Gee: Let’s be really honest, to err is human
Lately, in our modern world of disagreement, I have been trying to find things that we all do. And by “all,” I am talking about “all of us.” We all eat, we all breathe, we all have some sort of beverage preference. But the one thing we also have in common — that we are probably ashamed to admit — is that we all make mistakes.
We do. Some big, some small. None of us are perfect and we’ve all done something stupid or thoughtless.
Putting politics aside, I have always been of the mindset to respect a person who gives a sincere apology. I might not have to forgive them, but I will respect a sincere apology.
To me a sincere apology happens when a person recognizes they made a mistake or a bad choice, acknowledges their responsibility for it without blaming anything or anyone else. They take ownership for the consequences of their mistake, and wrap it up with a pledge to not do it again. Pretty simple, right?
How often do we really see this though?
From celebrities we get something that was written up by their lawyer or a PR team. From politicians we get canned, generic responses, fit for a teleprompter, which sound like every other political apology we have heard before. And from the people we know, they usually tell us what we want to hear. Sometimes, we simply get continued denial that a person did something wrong at all.
This week I am going to wag the finger at Chris Cuomo of CNN. By now, you may have heard about, read, or seen the video of an encounter with Cuomo. At a bar on New York’s Shelter Island Sunday a man called Cuomo “Fredo.”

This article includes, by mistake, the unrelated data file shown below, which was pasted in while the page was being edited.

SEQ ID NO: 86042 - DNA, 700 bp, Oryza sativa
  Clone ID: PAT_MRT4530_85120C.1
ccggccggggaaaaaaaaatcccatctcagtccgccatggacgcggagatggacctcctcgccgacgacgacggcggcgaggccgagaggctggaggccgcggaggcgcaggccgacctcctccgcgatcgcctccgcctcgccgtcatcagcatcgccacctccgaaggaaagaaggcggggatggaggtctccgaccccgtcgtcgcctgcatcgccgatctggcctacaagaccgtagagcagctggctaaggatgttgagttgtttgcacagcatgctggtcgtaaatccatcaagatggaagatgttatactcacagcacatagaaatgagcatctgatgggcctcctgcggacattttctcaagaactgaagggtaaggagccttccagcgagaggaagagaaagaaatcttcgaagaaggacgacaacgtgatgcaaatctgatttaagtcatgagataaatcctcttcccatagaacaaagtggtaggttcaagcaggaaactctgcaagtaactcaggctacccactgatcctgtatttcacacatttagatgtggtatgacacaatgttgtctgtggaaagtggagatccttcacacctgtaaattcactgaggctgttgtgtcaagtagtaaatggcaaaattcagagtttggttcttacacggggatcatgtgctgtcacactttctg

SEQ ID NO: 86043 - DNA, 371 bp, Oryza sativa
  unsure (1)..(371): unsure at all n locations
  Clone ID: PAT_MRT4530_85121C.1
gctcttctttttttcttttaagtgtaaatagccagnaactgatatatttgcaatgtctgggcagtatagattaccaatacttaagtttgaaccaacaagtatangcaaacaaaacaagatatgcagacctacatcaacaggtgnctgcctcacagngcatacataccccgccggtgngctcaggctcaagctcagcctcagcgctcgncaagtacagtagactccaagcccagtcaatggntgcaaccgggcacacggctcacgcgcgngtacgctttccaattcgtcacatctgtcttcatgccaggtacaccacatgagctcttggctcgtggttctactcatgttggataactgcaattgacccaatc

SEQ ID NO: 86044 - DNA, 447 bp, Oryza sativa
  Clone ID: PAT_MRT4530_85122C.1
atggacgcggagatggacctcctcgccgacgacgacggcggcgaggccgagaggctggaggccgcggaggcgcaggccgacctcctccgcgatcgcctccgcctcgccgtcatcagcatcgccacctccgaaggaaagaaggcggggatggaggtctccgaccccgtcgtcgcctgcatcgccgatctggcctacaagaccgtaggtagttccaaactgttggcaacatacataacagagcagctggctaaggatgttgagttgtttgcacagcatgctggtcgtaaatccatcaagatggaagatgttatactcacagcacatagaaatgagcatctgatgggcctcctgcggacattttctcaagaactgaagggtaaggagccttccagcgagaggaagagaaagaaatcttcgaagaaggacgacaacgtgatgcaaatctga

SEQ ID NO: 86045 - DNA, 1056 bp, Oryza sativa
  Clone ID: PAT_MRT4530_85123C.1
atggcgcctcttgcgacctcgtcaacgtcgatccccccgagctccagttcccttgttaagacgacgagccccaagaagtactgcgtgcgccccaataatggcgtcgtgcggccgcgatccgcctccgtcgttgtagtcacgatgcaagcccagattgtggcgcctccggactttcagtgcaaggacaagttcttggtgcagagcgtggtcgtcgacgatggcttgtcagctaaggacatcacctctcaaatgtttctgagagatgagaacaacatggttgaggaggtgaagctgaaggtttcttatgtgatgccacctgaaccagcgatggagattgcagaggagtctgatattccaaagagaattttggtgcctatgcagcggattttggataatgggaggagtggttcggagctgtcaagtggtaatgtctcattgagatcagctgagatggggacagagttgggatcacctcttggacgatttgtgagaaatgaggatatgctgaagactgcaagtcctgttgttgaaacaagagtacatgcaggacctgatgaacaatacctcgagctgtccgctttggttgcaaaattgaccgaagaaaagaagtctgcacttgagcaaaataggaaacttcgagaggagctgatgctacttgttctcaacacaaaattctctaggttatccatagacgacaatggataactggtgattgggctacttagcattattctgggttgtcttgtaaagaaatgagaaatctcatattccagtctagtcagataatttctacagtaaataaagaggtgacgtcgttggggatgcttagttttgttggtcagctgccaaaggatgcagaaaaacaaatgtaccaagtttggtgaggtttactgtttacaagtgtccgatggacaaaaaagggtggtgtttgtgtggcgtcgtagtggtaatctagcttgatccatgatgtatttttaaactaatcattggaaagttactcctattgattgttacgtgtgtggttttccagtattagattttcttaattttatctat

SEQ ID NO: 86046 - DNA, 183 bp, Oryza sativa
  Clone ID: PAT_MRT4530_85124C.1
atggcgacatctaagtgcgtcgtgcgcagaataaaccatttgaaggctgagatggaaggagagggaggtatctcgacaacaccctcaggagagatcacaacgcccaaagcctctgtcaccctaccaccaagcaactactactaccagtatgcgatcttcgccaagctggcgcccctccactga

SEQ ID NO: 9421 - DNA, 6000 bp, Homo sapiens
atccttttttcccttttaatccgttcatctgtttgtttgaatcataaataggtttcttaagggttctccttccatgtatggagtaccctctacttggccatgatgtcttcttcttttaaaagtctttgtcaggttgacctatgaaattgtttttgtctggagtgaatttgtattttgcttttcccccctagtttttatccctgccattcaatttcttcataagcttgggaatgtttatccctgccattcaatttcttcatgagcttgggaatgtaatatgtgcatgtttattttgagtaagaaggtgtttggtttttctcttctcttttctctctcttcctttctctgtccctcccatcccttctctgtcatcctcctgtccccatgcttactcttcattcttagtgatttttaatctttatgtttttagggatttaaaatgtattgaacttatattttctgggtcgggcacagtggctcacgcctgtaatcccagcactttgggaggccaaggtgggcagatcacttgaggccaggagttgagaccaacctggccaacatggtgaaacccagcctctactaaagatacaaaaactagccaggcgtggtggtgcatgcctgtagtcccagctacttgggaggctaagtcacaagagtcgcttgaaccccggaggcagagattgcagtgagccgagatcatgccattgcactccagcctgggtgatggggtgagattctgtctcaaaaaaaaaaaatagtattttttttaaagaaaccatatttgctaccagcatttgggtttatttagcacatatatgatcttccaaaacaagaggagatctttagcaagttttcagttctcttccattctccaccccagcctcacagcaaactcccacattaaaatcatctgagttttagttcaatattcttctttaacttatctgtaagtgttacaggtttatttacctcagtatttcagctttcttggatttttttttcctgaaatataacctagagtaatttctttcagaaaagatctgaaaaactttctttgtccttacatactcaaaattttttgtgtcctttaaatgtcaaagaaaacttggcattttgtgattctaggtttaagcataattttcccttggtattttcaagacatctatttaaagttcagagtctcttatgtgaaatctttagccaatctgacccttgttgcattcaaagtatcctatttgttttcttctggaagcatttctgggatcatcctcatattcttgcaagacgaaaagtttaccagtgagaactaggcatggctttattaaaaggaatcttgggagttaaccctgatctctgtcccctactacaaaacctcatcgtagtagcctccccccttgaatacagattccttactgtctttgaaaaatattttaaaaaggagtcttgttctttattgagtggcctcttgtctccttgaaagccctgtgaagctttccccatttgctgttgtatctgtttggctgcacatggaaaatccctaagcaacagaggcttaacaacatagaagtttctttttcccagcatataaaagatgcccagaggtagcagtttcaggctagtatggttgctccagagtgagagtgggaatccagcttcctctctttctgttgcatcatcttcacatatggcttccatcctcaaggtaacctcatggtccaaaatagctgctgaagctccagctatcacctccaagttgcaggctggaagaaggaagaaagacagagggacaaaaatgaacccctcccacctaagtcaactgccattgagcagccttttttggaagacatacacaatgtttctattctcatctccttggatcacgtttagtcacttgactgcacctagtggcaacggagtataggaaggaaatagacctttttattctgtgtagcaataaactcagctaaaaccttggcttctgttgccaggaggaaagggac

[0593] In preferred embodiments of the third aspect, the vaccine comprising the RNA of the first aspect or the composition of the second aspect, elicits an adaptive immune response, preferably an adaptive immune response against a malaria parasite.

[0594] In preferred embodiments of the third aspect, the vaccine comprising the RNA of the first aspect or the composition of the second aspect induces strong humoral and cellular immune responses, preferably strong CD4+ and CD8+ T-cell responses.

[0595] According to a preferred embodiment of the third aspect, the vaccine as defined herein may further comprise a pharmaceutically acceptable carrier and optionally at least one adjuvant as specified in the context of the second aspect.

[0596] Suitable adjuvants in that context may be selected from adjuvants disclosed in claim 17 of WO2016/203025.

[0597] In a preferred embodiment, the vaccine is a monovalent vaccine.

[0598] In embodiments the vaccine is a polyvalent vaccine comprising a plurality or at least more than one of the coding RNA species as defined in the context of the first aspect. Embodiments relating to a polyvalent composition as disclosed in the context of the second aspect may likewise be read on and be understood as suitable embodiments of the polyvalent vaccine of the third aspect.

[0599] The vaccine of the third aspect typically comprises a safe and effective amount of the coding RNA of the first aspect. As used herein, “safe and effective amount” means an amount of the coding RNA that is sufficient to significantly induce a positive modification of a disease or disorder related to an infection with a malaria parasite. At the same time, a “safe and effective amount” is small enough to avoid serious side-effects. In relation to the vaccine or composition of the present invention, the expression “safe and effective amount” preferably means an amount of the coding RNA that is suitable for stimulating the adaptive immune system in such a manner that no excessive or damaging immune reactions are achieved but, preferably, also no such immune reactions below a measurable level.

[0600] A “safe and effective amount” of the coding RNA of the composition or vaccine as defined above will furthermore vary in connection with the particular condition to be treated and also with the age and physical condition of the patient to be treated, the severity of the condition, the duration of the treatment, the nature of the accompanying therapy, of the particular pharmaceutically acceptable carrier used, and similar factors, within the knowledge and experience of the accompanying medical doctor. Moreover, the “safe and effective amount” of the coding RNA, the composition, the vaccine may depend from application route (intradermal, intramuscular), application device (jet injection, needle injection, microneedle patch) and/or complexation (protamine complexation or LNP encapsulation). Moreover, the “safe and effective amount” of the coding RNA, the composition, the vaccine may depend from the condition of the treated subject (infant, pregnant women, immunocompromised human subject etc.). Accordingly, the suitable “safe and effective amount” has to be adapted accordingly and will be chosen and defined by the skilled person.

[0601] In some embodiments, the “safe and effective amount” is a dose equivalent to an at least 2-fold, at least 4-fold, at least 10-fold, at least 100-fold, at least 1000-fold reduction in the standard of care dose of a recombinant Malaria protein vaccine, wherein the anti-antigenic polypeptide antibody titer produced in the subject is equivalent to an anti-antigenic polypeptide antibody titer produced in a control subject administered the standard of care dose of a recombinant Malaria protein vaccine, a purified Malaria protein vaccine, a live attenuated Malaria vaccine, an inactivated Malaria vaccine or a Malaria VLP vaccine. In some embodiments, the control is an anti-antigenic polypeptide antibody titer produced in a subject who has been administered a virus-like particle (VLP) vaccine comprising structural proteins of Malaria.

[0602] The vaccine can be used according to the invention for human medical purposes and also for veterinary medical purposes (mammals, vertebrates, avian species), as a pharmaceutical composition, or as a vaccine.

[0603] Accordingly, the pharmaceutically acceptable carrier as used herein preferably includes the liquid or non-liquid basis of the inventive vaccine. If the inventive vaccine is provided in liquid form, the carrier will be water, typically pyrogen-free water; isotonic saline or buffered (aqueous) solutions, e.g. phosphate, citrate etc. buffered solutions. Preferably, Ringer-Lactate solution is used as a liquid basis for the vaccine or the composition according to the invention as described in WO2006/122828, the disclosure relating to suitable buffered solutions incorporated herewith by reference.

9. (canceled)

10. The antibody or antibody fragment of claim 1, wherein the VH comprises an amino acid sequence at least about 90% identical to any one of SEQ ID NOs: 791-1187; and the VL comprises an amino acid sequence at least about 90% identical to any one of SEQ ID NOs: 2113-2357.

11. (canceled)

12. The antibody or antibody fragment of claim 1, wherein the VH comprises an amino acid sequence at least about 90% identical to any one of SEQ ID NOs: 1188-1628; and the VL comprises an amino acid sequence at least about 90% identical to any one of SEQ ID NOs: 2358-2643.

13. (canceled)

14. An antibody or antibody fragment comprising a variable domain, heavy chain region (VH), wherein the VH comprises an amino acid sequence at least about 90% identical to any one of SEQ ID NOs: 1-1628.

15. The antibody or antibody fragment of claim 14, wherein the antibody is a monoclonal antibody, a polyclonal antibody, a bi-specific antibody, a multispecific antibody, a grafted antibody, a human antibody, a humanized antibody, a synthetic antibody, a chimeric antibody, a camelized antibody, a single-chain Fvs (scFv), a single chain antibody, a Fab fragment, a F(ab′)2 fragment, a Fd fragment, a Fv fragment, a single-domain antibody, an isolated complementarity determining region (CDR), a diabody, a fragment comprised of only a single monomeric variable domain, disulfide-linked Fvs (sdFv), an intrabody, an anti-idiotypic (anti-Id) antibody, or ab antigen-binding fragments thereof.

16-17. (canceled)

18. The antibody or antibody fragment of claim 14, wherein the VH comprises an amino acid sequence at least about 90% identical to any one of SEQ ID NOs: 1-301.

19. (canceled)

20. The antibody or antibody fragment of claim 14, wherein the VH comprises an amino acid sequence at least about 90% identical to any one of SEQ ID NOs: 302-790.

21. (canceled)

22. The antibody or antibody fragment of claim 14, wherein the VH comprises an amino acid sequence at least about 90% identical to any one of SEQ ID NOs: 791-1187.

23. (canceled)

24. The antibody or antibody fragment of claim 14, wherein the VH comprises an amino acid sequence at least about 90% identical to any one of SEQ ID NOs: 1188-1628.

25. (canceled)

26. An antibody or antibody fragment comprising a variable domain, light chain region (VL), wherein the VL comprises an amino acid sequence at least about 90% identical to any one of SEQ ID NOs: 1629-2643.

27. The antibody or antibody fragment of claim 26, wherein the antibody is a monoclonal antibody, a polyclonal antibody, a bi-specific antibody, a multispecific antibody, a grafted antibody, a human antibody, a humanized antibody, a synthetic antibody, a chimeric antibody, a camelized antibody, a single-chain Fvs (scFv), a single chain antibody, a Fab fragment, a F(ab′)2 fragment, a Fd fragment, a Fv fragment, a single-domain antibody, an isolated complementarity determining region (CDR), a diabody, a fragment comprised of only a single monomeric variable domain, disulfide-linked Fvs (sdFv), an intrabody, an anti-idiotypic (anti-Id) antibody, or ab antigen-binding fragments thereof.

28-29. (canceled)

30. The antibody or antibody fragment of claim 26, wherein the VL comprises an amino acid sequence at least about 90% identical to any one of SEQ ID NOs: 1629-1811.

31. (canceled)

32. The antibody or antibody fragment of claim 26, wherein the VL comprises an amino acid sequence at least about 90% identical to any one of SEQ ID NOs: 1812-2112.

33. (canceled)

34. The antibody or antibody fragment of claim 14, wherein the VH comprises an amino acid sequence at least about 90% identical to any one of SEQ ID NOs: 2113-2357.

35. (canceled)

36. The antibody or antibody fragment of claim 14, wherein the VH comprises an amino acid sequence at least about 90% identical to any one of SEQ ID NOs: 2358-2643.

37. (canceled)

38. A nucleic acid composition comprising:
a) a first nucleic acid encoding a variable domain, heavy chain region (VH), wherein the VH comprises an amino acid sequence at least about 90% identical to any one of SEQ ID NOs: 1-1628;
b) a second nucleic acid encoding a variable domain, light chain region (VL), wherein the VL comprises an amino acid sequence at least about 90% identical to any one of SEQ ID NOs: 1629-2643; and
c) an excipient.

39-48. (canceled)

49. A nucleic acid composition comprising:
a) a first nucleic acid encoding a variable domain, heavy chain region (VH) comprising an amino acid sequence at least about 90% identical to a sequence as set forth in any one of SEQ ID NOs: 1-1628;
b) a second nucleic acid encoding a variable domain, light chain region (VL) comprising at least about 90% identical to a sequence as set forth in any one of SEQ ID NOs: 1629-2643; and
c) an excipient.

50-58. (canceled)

The short story is that Cuomo took serious offense to being called “Fredo,” a reference to a character in Mario Puzo’s novel The Godfather. If you haven’t seen the films or read the books, Fredo is the weaker and less intelligent of the Corleone brothers. So this certainly isn’t a term of endearment. Cuomo threatened the man with physical violence. And since it is the 21st century, he also called him a “racist.”
There’s probably not too many of us who feel he wasn’t justified in saying something to the guy who did it. But Chris took his self-justification out of bounds after video of the incident went viral. Cuomo suggested that a person calling an Italian “Fredo” was “like the n-word for us.”
Oh no Chris, you didn’t. You really compared the n-word with a character reference from a book? You really think this is the same?
Cuomo has since admitted that he let someone “get the best” of him.
Appreciate all the support but – truth is I should be better than the guys baiting me. This happens all the time these days. Often in front of my family. But there is a lesson: no need to add to the ugliness; I should be better than what I oppose.
— Christopher C. Cuomo (@ChrisCuomo) August 13, 2019
I could write a whole story on why “Fredo” and that word aren’t the same thing. But for me to bring this back in bounds is that I feel like we have all trained ourselves to find excuses and blame, versus simply taking ownership of screwing up.
Guess what folks — I am human. I make mistakes daily. When they are pointed out to me, I thank people for pointing them out. I take responsibility for them, and I hold myself accountable to not doing them again. It isn’t easy. But I decided that it is the way I want my boys to be when they make mistakes in their lives.
Have I always done this when I have made mistakes? No. Not even close. And that too, friends, is what we have in common. We’ve all had our “did you cut down the cherry tree” moment, and have been faced with what to do and how to act.
None of us are perfect, and our apologies when we slip up aren’t going to be perfect. They won’t please everyone, every time. However, the time has come when we all can start talking about what we do when we make mistakes and how we should act, rather than pointing the finger at someone else, or denying it happened.
Let’s all try to own our mistakes, face the music, and stop pointing fingers at others when we goof up. As Alexander Pope said “to err, is human”
- Tune in to KIRO Radio weekdays at 7 pm for KIRO Nights with Jack Stine.